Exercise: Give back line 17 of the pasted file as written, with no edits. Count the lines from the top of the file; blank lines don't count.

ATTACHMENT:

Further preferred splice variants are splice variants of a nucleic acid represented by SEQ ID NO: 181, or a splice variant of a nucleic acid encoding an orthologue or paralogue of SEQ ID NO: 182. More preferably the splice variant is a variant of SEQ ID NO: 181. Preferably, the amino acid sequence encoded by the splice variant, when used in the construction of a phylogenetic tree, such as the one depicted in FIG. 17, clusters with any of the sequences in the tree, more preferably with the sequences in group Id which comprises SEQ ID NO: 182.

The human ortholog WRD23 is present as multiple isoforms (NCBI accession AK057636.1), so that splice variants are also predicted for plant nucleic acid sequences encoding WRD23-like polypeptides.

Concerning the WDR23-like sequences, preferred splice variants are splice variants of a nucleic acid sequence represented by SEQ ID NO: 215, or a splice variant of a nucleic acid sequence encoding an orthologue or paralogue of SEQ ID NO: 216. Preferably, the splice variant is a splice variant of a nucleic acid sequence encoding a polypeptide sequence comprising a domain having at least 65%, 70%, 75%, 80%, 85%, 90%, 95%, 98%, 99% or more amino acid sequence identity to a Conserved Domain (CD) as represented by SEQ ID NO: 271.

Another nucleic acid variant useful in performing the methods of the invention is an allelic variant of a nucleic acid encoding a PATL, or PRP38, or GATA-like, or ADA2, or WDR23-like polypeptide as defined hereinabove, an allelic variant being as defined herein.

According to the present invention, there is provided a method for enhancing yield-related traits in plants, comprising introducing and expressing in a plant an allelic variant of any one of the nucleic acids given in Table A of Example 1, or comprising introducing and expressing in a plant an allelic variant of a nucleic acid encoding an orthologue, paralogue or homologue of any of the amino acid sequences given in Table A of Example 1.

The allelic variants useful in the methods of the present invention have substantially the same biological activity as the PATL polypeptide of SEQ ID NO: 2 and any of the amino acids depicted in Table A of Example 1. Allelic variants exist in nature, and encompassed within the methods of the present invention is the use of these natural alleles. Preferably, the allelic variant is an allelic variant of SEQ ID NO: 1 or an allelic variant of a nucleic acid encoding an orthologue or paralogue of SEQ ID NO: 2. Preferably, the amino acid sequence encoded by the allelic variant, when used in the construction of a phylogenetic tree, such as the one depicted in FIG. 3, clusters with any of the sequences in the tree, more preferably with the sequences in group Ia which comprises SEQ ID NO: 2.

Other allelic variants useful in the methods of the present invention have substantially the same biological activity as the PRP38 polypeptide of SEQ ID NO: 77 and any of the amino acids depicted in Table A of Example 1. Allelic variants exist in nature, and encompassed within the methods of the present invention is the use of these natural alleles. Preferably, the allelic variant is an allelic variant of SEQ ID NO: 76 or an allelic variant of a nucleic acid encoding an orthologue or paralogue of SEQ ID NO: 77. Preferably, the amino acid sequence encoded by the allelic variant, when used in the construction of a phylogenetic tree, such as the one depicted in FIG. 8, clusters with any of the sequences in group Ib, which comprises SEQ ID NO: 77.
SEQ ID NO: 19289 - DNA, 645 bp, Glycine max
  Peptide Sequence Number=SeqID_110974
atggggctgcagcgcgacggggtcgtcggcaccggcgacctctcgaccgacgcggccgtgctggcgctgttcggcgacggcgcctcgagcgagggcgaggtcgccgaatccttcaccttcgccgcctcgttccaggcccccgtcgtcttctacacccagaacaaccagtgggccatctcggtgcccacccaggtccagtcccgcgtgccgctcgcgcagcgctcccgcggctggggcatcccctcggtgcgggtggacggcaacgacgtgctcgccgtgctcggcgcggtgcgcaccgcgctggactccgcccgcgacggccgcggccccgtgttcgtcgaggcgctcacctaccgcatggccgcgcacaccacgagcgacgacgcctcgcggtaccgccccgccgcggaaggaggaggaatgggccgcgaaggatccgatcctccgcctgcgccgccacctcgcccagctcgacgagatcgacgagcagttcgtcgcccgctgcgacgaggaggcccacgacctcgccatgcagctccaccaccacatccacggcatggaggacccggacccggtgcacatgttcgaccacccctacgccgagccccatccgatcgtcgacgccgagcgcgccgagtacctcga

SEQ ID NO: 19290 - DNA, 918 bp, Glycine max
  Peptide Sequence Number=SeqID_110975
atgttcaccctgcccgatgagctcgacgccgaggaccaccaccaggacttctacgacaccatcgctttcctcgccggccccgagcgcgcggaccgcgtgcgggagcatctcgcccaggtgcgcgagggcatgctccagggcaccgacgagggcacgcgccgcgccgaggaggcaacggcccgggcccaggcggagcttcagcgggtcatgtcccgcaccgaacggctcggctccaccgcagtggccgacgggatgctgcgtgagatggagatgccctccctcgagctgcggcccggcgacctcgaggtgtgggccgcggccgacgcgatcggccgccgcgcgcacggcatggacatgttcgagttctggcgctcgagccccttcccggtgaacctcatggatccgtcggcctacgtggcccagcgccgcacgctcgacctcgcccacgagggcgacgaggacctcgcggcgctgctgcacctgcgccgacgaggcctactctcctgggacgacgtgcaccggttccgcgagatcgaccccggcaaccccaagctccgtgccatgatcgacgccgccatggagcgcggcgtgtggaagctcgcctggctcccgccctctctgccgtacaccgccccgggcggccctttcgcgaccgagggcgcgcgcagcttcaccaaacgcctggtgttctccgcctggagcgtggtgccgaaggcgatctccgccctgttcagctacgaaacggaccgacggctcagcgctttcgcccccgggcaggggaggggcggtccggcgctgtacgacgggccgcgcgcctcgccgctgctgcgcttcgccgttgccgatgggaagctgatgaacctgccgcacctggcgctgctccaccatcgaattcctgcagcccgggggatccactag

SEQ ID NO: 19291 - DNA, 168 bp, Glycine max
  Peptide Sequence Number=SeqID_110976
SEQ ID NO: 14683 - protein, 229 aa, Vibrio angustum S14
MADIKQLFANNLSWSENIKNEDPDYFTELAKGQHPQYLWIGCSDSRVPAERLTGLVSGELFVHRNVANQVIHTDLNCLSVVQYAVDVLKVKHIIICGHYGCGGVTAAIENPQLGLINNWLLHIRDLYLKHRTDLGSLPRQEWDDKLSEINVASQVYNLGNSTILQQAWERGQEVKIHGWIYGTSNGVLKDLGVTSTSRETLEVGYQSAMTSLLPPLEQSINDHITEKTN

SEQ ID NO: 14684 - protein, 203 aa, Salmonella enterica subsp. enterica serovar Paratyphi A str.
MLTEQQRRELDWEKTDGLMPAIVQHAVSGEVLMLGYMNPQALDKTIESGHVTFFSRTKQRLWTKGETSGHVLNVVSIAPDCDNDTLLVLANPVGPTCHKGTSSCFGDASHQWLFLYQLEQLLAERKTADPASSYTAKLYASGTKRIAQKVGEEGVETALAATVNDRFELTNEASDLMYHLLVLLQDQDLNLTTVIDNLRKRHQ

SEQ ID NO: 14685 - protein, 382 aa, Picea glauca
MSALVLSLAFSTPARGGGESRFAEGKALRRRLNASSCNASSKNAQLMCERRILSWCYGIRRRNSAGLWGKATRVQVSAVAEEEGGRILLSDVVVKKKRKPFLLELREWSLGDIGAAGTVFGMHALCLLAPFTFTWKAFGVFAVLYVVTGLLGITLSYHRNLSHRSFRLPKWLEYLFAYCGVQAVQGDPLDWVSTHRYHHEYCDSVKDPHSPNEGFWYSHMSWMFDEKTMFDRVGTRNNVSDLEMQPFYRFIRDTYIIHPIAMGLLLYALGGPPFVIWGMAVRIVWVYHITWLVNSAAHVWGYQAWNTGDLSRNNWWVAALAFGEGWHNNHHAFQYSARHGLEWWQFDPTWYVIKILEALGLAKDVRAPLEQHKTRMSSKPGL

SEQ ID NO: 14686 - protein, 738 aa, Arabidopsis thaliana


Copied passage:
MADIKQLFANNLSWSENIKNEDPDYFTELAKGQHPQYLWIGCSDSRVPAERLTGLVSGELFVHRNVANQVIHTDLNCLSVVQYAVDVLKVKHIIICGHYGCGGVTAAIENPQLGLINNWLLHIRDLYLKHRTDLGSLPRQEWDDKLSEINVASQVYNLGNSTILQQAWERGQEVKIHGWIYGTSNGVLKDLGVTSTSRETLEVGYQSAMTSLLPPLEQSINDHITEKTN